Like it or not, most Americans will wake up to their smart phones tomorrow and see that they missed an hour of sleep. Just so turns out, they actually did. It's daylight saving time.
It turns out that the sun has more impact on our climate during "cool" periods. Scientists have long debated how the activity of the sun might influence climate and now they've found that its impact is not constant over time.
For the first time ever, NASA's Van Allen probes have caught a solar shockwave in the act.
The winter months can make it hard for everyone to get the recommended amount of vitamin D, a fat soluble vitamin that's naturally found in a few foods and ultraviolet rays.
New research published in the journal Environment International studies data on sunlight and vitamin D levels via geographical information. Researchers at the University of Exeter Medical School found that those who live closer to the coast in England get higher levels of vitamin D--a crucial compon...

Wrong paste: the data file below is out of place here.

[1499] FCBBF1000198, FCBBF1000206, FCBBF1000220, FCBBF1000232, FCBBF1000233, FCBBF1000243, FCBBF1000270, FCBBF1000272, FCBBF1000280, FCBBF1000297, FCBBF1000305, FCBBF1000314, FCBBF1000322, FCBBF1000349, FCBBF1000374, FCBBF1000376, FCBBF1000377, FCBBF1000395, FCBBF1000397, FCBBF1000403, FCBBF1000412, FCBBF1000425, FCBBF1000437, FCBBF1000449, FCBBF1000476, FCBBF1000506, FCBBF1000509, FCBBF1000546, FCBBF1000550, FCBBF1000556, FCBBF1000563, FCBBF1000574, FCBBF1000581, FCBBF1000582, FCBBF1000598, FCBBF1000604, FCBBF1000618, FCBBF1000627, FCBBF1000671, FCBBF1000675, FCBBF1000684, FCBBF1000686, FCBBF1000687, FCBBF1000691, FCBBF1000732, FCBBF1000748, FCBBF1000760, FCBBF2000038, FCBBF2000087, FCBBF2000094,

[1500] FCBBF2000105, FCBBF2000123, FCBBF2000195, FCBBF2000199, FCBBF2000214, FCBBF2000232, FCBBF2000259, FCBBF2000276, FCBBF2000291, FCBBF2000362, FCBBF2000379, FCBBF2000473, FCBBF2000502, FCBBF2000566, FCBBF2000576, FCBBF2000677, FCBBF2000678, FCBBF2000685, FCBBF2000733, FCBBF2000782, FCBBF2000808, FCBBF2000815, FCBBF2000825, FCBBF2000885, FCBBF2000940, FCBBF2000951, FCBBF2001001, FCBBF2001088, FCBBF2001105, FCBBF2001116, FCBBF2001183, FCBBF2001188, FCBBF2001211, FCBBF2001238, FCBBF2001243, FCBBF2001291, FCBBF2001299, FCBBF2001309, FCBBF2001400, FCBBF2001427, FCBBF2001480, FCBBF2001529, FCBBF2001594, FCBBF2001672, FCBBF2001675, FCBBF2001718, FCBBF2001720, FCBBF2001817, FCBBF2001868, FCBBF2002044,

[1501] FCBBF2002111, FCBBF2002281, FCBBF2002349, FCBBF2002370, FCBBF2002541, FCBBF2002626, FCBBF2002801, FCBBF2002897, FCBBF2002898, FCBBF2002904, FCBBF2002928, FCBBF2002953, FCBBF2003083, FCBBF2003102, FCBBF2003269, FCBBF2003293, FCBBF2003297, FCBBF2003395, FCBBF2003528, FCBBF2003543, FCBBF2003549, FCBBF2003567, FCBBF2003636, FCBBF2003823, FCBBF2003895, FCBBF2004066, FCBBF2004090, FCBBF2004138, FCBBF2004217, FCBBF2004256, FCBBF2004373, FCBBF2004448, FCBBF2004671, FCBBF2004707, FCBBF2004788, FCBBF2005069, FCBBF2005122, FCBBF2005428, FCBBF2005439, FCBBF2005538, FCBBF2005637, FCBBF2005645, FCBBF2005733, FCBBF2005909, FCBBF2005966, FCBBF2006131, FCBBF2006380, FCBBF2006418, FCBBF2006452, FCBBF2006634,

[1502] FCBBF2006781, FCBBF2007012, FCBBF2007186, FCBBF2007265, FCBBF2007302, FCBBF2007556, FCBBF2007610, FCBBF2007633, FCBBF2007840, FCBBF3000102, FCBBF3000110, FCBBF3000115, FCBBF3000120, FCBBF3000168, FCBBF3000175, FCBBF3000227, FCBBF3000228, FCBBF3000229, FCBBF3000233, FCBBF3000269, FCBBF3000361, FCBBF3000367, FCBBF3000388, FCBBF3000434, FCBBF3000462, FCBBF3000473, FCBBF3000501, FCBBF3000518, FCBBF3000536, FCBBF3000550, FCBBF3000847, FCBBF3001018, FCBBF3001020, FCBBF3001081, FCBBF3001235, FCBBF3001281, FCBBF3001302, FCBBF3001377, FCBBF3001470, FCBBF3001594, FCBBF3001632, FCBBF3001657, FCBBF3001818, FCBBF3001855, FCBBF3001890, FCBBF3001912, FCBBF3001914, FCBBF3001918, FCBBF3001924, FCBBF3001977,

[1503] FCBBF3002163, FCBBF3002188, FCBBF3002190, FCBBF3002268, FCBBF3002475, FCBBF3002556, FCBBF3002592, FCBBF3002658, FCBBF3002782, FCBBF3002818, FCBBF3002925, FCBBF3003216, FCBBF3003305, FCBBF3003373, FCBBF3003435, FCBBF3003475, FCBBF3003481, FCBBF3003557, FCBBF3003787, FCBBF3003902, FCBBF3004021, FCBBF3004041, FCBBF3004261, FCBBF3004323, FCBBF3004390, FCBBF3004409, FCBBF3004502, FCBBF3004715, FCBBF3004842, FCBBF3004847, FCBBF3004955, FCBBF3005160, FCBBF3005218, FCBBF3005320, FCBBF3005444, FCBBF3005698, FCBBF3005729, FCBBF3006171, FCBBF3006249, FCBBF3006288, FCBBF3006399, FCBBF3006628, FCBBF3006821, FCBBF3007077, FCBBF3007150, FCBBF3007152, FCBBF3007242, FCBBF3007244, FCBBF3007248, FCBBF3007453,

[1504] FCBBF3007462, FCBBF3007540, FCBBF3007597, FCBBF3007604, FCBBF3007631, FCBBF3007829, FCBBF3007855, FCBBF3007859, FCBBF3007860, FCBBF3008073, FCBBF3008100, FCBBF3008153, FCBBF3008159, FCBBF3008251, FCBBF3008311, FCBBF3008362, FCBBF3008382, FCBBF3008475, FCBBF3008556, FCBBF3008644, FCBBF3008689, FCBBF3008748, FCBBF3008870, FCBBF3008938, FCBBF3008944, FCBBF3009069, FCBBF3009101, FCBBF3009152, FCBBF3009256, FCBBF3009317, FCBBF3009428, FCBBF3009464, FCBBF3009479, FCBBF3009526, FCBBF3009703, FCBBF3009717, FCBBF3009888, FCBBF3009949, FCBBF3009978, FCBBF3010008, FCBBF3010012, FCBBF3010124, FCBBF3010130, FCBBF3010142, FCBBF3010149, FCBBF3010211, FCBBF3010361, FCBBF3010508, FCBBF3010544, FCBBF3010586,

It turns out that the sun's activity may be the same as it was in the 18th century. Scientists have standardized historical results and have discovered that solar activity may not have changed much at all
Most people know that too much sunlight can cause skin cancer, but did you know it may also cause problems in fertility? Scientists have found that increased UV radiation can have an effect on human fertility over generations.
After working with temperatures as hot as the interior of the sun, researchers have managed to find out iron's role in inhibiting energy transmission from the sun to the near edge of its radiative band.
Don't just expect to see holiday lights here on Earth. The sun is also getting in on the action this year. Scientists spotted a significant solar flare that peaked at 7:28 EST on Dec. 19.
NASA's Nuclear Spectroscopic Telescope Array (NuSTAR) has captured a stunning, new image of our sun.
Scientists have solved a long-standing mystery in space. They've uncovered the origin of the "theta aurora," an aurora that occurs at startlingly high latitudes on Earth.
The sun may actually be influencing lightning strikes on Earth. How? The sun is temporarily "bending" Earth's magnetic field and allowing a shower of energetic particles to enter the upper atmosphere.